Tuesday 12 April 2016


I had the pleasure of working with Mamata Akella when I first started at Esri. Mamata went on to work for the National Park Service and is now at CartoDB where she seems able to flex her design wings with thematics. This is fertile space in mapping in general and it seems never a week goes by without someone re-inventing a thematic mapping technique, occasionally with a new twist. Mamata's latest map caught my attention.

In response to her call for comments I hope she won't mind me using this blog as a space in which to offer my opinion and insight so here's a critique of the map above.

It's visually arresting. It's one of those maps you immediately stop and look at so it does a great job of getting people to pause and spend some time with it. That's probably the point so it's already done it's job. Because it lacks a title or any popups or marginalia one quickly gets lost though. As Mamata explains, it's a test and, no doubt, not designed to be used as a fully fleshed out project but it would be useful to include the basics.

It's the 2012 US election data. A well worn dataset that's just about exhausted most techniques. I spent some time with it myself a couple of years ago creating a gallery of various thematic map types. But with the 2016 election on the horizon many will be experimenting with new or modified techniques to prepare for that mapping extravaganza (me too...but you'll have to wait for that).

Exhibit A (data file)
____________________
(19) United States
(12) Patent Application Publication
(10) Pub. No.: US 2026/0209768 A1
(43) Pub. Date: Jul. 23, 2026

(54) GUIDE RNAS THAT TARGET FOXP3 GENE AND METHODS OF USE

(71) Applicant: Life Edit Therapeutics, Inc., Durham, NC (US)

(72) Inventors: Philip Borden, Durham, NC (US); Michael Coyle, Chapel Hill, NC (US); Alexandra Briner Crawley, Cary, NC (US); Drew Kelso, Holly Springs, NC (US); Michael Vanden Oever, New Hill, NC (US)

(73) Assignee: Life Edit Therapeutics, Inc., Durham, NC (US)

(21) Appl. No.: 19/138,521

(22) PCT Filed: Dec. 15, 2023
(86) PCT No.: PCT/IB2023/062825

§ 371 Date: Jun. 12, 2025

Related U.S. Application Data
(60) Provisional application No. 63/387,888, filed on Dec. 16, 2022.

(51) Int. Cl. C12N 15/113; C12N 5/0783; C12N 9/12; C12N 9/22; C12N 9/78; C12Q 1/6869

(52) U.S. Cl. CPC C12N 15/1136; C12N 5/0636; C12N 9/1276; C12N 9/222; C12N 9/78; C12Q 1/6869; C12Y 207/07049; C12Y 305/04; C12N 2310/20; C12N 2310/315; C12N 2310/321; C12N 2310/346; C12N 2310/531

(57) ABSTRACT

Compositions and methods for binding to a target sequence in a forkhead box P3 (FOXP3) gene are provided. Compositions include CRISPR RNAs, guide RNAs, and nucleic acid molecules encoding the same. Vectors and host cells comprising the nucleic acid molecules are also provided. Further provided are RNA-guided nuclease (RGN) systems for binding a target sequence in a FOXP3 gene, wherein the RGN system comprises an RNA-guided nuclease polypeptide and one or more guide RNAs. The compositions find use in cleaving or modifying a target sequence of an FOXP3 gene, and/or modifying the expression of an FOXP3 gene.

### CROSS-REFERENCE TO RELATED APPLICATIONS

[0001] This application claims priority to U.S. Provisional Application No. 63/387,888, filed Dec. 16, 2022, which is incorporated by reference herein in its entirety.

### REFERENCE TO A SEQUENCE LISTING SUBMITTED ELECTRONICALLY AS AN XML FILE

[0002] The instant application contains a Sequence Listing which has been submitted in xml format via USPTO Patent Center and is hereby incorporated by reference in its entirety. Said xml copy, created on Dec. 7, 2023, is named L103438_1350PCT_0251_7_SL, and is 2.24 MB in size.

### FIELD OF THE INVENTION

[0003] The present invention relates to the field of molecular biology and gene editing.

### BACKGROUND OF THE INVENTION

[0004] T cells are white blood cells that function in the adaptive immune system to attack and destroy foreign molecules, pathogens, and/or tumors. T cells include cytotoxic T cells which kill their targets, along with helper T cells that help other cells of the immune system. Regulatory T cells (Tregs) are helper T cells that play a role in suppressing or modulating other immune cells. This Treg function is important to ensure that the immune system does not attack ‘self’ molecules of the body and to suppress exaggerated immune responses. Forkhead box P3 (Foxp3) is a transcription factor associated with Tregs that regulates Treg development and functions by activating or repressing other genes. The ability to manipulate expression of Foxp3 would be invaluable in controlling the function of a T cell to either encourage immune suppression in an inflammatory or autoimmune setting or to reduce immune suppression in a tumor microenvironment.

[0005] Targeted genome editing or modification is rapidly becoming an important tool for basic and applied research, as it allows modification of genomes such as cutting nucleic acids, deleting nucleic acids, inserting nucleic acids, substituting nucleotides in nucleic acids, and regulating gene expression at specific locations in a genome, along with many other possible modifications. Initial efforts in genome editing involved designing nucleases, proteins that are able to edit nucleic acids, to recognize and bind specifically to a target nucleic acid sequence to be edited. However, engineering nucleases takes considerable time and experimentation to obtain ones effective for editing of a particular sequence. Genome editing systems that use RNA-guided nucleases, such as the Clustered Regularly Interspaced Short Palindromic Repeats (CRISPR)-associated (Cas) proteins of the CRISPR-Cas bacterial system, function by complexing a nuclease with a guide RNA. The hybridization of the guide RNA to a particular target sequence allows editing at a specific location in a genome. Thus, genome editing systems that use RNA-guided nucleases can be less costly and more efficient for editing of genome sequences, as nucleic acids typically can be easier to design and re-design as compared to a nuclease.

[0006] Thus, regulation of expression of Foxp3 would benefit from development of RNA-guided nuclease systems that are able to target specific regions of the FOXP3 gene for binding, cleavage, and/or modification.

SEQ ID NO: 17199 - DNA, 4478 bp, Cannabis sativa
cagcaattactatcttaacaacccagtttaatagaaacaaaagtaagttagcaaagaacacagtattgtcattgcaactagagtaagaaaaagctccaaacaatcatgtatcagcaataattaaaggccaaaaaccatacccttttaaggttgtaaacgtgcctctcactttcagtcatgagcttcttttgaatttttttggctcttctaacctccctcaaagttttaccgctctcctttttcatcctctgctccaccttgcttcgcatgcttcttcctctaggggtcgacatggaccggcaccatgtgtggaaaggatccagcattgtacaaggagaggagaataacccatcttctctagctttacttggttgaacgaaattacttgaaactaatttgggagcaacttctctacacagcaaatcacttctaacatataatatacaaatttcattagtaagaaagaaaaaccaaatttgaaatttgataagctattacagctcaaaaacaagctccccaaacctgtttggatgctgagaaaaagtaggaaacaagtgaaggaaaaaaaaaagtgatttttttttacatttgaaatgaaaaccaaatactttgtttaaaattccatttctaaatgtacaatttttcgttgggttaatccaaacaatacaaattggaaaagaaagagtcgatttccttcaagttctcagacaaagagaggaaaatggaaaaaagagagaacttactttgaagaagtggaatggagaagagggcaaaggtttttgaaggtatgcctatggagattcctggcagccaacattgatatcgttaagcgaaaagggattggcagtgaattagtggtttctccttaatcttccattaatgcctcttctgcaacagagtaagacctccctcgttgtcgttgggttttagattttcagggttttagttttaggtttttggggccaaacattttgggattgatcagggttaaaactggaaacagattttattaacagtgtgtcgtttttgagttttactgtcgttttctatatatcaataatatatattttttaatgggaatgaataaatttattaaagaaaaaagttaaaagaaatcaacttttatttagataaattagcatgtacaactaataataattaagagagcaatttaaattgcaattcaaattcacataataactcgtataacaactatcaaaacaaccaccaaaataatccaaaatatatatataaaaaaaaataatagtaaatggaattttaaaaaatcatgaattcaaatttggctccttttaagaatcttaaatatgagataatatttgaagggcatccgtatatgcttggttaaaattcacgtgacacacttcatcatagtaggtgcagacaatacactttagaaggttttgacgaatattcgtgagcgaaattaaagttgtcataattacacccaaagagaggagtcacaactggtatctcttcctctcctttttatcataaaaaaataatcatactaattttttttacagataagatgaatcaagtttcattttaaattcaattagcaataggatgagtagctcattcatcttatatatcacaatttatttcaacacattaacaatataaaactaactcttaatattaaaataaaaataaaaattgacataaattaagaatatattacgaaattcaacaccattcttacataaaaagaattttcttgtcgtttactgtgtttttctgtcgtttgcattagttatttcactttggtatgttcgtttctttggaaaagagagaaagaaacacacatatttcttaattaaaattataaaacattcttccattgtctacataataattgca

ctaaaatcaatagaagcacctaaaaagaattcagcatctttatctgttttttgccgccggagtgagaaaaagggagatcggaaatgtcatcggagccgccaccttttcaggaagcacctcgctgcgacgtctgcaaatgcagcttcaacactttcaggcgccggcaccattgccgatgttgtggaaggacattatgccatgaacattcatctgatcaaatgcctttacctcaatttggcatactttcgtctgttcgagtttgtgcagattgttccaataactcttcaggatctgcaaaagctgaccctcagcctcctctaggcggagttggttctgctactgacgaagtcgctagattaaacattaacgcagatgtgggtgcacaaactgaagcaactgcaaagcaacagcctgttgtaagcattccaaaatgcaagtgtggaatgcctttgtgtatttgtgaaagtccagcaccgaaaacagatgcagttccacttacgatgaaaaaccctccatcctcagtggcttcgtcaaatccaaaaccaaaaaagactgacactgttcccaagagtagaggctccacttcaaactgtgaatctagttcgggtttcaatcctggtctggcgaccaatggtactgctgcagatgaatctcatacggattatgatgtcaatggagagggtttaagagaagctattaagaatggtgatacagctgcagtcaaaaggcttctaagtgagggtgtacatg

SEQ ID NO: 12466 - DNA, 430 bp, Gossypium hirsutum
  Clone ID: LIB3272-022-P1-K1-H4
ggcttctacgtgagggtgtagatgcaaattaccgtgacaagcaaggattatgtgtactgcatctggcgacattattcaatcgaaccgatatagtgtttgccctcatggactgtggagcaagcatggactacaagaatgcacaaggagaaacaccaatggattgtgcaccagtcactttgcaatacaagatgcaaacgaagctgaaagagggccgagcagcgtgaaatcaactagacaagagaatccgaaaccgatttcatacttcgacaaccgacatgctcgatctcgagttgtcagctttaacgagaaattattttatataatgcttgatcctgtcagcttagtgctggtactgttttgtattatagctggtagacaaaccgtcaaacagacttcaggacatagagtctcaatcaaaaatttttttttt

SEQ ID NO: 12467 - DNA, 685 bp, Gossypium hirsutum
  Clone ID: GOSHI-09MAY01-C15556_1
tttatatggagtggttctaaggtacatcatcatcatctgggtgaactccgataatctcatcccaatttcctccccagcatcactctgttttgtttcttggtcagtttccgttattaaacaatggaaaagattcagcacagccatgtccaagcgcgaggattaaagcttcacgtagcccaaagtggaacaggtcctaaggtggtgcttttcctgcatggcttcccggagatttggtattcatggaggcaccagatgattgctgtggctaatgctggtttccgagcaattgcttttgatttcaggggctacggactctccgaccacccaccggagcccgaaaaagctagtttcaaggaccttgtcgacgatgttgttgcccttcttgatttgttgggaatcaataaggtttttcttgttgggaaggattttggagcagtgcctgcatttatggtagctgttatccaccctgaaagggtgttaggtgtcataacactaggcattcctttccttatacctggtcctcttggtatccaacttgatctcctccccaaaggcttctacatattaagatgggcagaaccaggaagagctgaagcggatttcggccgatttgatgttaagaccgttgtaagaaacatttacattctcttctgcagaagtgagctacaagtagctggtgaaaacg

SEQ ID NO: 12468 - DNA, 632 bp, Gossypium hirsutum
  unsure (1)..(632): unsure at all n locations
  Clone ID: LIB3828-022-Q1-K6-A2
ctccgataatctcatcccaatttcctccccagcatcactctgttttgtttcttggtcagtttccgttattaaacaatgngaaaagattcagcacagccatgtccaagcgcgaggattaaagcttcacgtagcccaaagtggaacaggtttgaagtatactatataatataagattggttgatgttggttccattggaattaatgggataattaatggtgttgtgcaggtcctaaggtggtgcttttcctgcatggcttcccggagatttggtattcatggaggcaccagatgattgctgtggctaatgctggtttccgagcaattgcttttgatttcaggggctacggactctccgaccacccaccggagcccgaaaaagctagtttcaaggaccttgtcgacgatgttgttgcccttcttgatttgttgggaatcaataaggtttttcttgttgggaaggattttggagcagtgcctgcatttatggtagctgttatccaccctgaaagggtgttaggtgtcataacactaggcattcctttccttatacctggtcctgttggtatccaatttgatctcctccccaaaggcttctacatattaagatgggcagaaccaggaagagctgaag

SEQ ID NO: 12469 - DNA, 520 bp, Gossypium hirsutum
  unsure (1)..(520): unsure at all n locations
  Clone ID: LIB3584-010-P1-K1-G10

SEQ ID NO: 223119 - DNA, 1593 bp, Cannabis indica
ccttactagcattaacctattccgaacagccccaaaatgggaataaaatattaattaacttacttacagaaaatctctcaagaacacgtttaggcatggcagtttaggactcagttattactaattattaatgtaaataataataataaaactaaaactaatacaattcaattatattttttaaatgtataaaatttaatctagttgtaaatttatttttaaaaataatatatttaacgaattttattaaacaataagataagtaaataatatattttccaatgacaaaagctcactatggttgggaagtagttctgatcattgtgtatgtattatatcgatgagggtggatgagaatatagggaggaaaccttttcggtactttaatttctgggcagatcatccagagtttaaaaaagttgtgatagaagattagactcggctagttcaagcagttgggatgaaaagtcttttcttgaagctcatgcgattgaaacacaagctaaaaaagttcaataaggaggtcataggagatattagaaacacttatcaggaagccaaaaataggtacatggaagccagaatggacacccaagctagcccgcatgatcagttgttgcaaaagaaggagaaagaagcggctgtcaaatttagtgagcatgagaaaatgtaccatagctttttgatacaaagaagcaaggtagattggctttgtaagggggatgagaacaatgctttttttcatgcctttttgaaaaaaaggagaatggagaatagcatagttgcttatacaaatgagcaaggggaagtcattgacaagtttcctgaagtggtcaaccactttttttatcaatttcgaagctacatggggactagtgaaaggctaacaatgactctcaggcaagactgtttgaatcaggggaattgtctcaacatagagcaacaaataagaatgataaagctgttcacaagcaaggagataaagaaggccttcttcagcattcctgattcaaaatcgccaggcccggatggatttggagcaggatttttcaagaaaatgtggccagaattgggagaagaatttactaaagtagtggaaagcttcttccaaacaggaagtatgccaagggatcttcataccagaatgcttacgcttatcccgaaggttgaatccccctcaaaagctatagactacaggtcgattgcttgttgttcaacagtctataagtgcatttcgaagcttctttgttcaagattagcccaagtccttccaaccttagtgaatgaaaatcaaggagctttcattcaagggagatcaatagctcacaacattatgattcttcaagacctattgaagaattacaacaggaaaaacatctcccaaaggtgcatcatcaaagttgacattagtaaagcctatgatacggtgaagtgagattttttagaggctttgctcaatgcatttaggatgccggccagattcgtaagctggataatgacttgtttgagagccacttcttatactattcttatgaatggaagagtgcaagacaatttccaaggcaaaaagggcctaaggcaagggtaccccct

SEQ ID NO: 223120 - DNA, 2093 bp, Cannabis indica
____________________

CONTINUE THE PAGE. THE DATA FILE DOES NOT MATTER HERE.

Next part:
So what's going on in this map? Mamata calls it a 'modified cartogram'. Symbol size is total vote. Colour is the winner (red=republican, blue=democrat). Units are counties.

First off - I like the appearance and I like that it's in an equal area projection (Albers). It's eye-catching and somewhat different. I then quickly get uncomfortable with the function and how the data processing encodes meaning. Clearly the real geographic boundaries have been processed. My sense is a regular grid of rectangles has been used in which to bin the counties that fall within. That explains the regular grid and also the irregular number of symbols per location.

Geographical boundaries have been replaced by an abstract geography. It's referred to as a cartogram, likely because of this abstraction but a cartogram it is not. Cartograms distort space but they don't aggregate in an irregular fashion. Think Gastner-Newman, Dorling, Demers or a basic non-contiguous cartogram which all treat geography in different ways but which do not apply a binning technique as an interim step. Further, cartograms don't have overlaps. Mamata's symbols do overlap. It's therefore difficult to know how many counties are represented by each location and it's difficult to ascertain the distortion of the underlying geography which will inevitably be greater in areas with larger numbers of smaller counties. It's adding in a visual complexity that isn't necessary even though it gives a neat (as in regular - pleasing to the eye) looking final appearance.

I don't particularly like the way transparent overlaps on the symbols yield overlaps with darker shades - to me that visually implies 'more' yet is purely an artifact of symbol size bleeding into an adjacent symbol and not necessarily a function of geography at that place or overlapping geographies. Of course, when we're talking about mixing blues and reds it gets even more difficult to visually disentangle. That''s not a problem simply on this map though. I wrote about it before in regard to proportional symbol maps.